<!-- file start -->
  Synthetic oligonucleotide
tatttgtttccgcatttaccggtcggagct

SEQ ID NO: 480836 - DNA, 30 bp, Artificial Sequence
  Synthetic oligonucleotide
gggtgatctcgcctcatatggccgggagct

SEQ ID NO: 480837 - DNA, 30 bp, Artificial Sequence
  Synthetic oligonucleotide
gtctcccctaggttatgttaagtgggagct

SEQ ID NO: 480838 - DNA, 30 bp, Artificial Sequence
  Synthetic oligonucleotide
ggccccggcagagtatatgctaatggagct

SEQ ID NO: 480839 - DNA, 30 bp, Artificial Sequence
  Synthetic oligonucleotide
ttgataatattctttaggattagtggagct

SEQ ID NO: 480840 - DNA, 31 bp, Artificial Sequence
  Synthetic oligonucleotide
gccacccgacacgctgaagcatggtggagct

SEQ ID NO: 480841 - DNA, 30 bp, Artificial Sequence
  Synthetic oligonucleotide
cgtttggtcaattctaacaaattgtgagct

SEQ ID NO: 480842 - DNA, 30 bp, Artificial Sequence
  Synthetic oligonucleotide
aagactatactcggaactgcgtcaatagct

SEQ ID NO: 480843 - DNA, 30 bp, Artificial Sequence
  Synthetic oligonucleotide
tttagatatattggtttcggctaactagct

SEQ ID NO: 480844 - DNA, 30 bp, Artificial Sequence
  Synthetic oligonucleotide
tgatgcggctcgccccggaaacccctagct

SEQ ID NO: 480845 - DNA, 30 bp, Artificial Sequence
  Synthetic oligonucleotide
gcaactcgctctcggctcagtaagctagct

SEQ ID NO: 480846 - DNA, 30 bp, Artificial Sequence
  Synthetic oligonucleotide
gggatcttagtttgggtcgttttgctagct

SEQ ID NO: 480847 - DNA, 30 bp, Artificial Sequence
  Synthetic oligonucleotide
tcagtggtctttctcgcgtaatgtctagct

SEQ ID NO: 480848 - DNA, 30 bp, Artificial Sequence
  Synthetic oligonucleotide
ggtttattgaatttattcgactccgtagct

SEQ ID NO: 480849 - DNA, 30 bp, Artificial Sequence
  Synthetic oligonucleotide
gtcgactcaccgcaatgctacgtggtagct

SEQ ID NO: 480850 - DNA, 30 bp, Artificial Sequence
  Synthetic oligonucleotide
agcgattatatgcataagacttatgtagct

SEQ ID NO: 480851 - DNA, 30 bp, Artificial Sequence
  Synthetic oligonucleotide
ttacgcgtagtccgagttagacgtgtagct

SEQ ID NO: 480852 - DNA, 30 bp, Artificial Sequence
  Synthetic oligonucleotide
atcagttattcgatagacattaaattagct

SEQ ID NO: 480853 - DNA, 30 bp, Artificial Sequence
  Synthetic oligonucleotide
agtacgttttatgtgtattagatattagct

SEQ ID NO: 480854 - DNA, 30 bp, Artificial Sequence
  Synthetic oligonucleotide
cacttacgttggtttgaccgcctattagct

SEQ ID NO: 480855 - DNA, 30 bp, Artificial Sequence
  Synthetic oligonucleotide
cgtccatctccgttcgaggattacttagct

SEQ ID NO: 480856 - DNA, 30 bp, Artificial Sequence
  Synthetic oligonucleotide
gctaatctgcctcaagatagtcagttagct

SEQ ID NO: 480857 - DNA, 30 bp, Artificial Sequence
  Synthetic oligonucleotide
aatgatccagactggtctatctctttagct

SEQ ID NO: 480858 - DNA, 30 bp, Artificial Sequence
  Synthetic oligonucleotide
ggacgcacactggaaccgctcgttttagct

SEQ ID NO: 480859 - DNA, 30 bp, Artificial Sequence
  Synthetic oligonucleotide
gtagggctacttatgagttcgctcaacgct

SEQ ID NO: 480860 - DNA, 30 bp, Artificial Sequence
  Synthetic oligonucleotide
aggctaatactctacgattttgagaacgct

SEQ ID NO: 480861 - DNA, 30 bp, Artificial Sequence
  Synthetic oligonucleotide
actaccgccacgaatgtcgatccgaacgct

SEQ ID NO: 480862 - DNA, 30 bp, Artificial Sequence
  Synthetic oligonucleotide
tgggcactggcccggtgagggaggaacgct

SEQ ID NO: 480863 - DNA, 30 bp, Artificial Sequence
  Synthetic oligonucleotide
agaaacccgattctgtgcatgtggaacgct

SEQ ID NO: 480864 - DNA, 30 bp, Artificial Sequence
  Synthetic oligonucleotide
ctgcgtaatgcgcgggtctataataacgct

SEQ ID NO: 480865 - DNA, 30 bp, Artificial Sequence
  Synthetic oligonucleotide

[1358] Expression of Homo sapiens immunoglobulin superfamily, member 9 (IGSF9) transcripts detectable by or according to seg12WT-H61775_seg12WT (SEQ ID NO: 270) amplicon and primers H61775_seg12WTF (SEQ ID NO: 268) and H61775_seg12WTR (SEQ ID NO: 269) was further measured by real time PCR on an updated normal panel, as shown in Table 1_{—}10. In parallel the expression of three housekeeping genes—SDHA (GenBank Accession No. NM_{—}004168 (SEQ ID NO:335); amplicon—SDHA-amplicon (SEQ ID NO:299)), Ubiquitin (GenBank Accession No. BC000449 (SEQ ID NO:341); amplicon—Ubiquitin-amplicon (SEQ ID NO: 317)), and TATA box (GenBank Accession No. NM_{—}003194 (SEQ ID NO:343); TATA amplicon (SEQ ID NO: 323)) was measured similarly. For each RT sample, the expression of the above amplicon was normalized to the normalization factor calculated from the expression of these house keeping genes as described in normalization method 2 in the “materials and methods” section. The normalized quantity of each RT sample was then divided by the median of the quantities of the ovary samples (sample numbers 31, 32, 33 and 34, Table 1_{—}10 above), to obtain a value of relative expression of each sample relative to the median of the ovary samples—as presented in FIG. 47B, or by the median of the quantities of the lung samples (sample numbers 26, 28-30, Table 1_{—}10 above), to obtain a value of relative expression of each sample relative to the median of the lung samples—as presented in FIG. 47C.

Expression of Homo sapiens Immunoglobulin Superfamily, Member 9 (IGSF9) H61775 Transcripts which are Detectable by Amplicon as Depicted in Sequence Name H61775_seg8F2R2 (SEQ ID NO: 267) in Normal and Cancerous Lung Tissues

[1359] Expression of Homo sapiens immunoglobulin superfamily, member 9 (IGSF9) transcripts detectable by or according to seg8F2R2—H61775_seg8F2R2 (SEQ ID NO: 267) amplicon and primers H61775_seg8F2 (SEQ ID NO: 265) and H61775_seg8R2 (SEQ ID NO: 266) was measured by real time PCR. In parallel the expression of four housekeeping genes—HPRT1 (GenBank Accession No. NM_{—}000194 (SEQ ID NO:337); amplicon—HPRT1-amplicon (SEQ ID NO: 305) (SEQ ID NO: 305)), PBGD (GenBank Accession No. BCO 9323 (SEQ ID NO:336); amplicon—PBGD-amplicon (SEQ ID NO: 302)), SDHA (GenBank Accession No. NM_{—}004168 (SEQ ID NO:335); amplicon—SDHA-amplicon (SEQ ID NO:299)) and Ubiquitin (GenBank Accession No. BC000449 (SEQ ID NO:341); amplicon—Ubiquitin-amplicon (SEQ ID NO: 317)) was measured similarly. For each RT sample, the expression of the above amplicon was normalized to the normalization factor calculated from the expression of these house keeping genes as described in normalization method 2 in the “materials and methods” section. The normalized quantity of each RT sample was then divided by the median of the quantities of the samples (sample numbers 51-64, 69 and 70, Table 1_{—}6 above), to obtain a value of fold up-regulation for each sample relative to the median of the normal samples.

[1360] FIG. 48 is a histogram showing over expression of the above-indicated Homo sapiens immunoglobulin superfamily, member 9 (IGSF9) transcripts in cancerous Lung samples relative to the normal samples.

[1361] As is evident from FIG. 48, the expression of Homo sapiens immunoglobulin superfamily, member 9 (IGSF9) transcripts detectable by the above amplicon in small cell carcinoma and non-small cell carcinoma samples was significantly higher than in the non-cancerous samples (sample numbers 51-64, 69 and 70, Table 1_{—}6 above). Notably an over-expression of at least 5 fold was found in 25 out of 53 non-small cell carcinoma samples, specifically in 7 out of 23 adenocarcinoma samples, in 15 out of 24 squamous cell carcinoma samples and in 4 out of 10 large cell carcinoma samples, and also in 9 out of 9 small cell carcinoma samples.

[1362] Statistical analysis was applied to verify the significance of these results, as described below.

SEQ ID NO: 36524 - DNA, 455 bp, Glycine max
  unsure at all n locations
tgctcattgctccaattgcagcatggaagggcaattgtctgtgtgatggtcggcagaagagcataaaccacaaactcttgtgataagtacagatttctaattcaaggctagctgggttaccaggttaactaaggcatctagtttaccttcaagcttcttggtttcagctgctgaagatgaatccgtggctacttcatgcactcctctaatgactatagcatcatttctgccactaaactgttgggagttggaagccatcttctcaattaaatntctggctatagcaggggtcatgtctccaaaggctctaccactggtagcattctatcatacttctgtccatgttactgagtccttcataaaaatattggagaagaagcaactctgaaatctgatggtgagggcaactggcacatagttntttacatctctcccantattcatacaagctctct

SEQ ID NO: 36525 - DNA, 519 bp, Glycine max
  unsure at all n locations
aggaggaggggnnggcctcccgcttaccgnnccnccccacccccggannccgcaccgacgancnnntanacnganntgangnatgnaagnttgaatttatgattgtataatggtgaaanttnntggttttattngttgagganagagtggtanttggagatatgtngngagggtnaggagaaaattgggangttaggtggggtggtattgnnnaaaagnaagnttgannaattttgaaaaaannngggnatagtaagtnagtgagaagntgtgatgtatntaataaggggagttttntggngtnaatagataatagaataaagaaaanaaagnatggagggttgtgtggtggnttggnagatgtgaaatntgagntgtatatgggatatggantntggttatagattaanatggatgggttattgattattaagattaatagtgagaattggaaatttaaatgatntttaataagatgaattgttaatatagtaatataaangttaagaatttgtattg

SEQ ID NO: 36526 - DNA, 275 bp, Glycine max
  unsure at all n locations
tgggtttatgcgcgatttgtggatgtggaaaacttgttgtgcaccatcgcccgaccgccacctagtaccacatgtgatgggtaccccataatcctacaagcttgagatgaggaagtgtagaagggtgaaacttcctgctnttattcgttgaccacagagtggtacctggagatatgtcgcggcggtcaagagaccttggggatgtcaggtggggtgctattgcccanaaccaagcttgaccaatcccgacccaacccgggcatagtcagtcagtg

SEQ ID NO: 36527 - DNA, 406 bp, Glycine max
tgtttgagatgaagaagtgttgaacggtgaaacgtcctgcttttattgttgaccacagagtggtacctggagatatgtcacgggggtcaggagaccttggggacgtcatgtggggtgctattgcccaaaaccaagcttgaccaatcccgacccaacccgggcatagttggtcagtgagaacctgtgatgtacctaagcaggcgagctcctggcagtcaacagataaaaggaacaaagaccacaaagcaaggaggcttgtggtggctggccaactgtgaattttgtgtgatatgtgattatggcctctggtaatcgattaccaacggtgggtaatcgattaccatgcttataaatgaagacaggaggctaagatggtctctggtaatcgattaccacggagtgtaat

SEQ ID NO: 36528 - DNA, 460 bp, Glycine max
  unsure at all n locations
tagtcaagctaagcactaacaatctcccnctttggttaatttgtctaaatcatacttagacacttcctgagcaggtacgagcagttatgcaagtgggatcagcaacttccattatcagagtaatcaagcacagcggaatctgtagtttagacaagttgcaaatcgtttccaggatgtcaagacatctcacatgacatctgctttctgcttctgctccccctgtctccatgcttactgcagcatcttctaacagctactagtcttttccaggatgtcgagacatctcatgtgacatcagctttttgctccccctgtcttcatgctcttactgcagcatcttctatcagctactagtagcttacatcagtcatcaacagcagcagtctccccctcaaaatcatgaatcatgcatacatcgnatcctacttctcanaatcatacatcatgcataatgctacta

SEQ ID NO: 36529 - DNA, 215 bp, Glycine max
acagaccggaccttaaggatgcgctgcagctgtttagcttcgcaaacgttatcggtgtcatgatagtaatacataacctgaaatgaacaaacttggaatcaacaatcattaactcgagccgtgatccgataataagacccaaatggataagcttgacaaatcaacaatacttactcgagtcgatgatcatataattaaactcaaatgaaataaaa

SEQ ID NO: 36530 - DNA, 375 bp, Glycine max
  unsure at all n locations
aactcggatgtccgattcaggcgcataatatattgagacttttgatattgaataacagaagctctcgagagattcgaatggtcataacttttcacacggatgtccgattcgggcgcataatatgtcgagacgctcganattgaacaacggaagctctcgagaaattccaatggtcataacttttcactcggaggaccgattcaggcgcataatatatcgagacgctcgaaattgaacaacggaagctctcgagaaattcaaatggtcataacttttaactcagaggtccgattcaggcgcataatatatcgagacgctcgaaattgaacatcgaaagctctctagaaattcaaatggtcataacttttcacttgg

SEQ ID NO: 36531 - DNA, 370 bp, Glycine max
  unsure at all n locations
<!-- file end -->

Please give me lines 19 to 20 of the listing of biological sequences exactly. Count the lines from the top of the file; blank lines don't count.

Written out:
  Synthetic oligonucleotide
cgtttggtcaattctaacaaattgtgagct